Ring Ring: Knock Knock: The Insurance Company Comes A Callin’ And A Knockin’
If you've reported the car accident to your insurance company, chances are that a person from the insurance company will try to get in touch with you. Even if you haven't reported the car accident, there's a good chance that a person from an insurance company will want to interview you about the car accident.
These people from the car insurance company are called insurance adjusters, or field adjusters. Their job is to collect as much data and information as possible about the car accident so the insurance company can understand what your case is all about so they can budget your case. This budget is called a " reserve". If your case is not "reserved" properly by the insurance company, it may present some barriers towards getting fair compensation in a timely manner down the road.
Some insurance adjusters are very aggressive and will do everything in their power to meet with you as soon as possible. They will call you relentlessly until you pick up the phone and answer their questions. They will insist on getting a statement from you. They will come unannounced to your hospital room or to your home to get a statement from you or your family. It's as if these adjusters are paid by the statement, and by the timeliness in which their statements are gathered (and it wouldn't surprise me if some were!).
Let's set the record straight: You're under no obligation to speak with, communicate with, or meet with any insurance adjuster until you have a personal injury lawyer . We recommend that nobody communicate with the insurance adjuster at all, and to leave all communications between you and the insurance company to your lawyer. Goldfinger Personal Injury Law has seen countless cases dissolve on because of accident victims and their families communicating too early with adjusters without the assistance of a personal injury lawyer.
This is probably the first time you've had to deal with a car accident. You don't know how the process works. In contrast, the adjuster from the insurance company does this for a living, and has probably been handling car accident claims for years and years. Who do you think knows more about how the process works, how the law works, and what tricks to play to make sure the insurance company's best interests are protected?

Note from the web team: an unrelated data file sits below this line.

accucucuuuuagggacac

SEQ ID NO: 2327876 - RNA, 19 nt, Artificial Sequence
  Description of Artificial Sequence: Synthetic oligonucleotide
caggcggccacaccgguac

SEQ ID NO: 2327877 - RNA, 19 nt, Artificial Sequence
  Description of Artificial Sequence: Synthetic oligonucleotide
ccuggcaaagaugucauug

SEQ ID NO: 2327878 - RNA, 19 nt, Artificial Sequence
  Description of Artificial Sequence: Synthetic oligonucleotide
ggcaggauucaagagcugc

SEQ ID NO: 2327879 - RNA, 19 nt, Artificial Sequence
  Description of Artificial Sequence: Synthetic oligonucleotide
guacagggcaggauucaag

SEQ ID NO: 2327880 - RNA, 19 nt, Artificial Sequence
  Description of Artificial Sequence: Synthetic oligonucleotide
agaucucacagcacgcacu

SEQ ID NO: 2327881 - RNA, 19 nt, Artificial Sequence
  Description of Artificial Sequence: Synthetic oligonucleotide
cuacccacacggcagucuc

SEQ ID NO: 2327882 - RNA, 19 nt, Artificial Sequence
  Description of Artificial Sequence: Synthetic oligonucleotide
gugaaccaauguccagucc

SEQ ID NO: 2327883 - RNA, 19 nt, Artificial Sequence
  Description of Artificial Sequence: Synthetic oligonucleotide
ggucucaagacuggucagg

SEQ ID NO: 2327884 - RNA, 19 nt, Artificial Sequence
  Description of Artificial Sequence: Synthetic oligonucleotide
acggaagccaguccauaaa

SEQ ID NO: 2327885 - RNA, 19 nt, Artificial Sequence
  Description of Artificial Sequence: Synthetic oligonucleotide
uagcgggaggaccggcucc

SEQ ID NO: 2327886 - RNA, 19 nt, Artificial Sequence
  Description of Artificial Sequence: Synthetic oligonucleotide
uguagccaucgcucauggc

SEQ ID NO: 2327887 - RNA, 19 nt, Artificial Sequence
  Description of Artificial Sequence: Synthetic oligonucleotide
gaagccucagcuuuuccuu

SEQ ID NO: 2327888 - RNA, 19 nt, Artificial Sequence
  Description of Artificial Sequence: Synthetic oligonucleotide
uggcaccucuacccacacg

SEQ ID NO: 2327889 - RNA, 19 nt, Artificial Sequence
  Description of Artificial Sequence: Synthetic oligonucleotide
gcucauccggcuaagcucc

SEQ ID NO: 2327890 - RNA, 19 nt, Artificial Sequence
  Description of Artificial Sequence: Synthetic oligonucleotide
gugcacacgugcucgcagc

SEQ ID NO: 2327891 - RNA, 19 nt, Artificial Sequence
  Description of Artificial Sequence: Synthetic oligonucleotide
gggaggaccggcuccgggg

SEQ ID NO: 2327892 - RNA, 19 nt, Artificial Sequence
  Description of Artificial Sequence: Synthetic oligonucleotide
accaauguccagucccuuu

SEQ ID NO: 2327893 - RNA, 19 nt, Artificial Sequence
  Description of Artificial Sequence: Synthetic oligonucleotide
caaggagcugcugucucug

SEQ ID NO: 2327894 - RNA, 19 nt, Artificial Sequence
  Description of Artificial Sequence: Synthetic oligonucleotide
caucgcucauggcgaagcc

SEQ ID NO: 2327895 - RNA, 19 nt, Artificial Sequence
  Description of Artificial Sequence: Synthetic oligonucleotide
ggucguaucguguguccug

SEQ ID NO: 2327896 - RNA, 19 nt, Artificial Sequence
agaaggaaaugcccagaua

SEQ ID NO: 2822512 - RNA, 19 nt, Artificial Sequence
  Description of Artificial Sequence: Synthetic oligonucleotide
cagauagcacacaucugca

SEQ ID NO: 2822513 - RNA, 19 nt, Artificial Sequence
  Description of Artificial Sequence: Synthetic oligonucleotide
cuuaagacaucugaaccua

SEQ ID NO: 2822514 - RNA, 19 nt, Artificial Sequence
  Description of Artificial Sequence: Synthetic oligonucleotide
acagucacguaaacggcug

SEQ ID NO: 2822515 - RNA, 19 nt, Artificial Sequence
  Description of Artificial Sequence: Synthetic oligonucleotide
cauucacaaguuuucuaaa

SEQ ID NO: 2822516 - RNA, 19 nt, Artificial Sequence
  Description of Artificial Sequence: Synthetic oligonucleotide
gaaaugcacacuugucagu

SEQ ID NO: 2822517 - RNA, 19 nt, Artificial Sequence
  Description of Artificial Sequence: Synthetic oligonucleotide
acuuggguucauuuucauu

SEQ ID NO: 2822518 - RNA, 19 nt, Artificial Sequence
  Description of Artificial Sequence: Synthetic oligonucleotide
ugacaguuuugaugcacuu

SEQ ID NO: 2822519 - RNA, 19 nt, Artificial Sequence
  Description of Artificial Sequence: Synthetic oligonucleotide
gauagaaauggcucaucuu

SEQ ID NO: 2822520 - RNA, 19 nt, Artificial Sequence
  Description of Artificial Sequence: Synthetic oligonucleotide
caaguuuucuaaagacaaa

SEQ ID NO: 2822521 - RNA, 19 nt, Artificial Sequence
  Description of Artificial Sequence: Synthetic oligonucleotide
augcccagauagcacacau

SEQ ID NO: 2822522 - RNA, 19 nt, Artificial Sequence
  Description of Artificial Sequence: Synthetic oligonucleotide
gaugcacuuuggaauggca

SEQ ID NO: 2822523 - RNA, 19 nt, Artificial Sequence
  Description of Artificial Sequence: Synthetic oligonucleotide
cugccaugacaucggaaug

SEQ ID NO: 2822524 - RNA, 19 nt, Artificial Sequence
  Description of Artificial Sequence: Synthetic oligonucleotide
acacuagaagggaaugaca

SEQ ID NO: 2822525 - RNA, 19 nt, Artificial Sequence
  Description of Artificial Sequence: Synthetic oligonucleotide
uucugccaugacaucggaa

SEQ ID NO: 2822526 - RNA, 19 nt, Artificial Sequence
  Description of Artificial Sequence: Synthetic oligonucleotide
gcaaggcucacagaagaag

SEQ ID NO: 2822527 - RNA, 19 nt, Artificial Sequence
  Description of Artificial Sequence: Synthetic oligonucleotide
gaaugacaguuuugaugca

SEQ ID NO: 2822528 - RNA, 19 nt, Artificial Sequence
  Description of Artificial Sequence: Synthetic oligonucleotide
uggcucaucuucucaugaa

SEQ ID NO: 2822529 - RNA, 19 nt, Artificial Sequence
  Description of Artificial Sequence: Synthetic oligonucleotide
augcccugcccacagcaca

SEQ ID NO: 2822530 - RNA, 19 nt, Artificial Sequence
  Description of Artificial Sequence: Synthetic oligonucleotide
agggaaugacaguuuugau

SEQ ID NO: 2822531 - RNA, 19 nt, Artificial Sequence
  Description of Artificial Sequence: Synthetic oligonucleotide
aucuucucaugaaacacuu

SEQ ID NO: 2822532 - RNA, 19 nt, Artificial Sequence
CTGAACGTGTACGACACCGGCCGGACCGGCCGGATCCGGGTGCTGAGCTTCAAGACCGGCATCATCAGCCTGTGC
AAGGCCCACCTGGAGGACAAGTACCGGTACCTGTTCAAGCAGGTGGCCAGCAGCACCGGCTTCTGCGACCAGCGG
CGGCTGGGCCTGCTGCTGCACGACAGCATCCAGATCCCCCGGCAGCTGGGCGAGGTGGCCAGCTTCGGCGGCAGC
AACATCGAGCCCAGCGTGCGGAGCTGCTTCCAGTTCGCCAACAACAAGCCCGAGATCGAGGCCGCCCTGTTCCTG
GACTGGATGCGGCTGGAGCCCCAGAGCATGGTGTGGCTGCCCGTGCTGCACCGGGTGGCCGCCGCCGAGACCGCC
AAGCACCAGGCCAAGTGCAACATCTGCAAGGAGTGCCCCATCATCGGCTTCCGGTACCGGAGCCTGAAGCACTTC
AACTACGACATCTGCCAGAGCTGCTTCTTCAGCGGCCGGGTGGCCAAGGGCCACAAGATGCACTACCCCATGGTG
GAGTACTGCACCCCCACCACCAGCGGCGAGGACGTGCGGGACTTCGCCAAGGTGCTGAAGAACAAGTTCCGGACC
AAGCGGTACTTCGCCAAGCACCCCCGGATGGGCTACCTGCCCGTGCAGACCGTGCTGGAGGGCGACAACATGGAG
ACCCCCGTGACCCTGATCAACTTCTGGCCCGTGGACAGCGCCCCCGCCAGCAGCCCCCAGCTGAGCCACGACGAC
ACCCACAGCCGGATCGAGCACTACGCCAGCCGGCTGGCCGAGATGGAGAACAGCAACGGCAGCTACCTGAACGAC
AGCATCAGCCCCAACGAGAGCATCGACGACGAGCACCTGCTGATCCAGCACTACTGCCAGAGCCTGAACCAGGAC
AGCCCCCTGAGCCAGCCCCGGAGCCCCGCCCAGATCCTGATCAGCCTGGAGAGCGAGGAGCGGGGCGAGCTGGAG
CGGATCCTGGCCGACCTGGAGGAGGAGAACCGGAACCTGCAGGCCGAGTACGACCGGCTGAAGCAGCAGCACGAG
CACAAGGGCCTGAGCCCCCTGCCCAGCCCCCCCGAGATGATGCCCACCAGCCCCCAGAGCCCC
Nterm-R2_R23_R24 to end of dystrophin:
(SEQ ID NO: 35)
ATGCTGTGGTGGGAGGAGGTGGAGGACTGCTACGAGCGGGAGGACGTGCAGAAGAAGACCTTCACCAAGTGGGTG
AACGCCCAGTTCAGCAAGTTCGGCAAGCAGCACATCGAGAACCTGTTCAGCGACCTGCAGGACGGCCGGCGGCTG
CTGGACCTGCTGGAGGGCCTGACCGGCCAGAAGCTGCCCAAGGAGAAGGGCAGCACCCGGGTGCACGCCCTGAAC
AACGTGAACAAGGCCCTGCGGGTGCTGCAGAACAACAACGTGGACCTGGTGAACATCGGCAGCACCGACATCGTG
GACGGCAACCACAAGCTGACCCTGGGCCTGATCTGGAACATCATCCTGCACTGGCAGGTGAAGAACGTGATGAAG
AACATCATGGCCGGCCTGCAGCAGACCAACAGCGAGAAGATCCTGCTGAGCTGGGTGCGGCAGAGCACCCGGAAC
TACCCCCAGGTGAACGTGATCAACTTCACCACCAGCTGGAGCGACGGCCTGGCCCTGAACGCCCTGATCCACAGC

Insurance adjusters have their company's best interest in mind, not yours. Despite what they may tell you, their role is not to represent you or look out for your rights. They are employees working for, or indirectly working indirectly for the insurance company.
Experienced insurance adjusters are very talented. They know that you attract more bees with honey than with vinegar. So, if an insurance adjuster is being really nice to you and your family, there's probably a good reason for it. And there's probably some information they really want to dig out from you to ensure that the exposure and liability of their employer is limited. They will do everything in their power to make their case stronger, and your case weaker, no matter the nature of the accident or injury; so beware and don't speak with these people without an experienced personal injury lawyer.Top 5 Mistakes Accident Victims and Their Families Make Following a Car Accident
- They fail to get medical attention in a timely manner
- They speak with the insurance adjuster without first retaining a personal injury lawyer
- They fill out and sign a bunch of forms without the guidance of a personal injury lawyer
- They fail to report the car accident to their insurance company
- They fail to report the car accident to police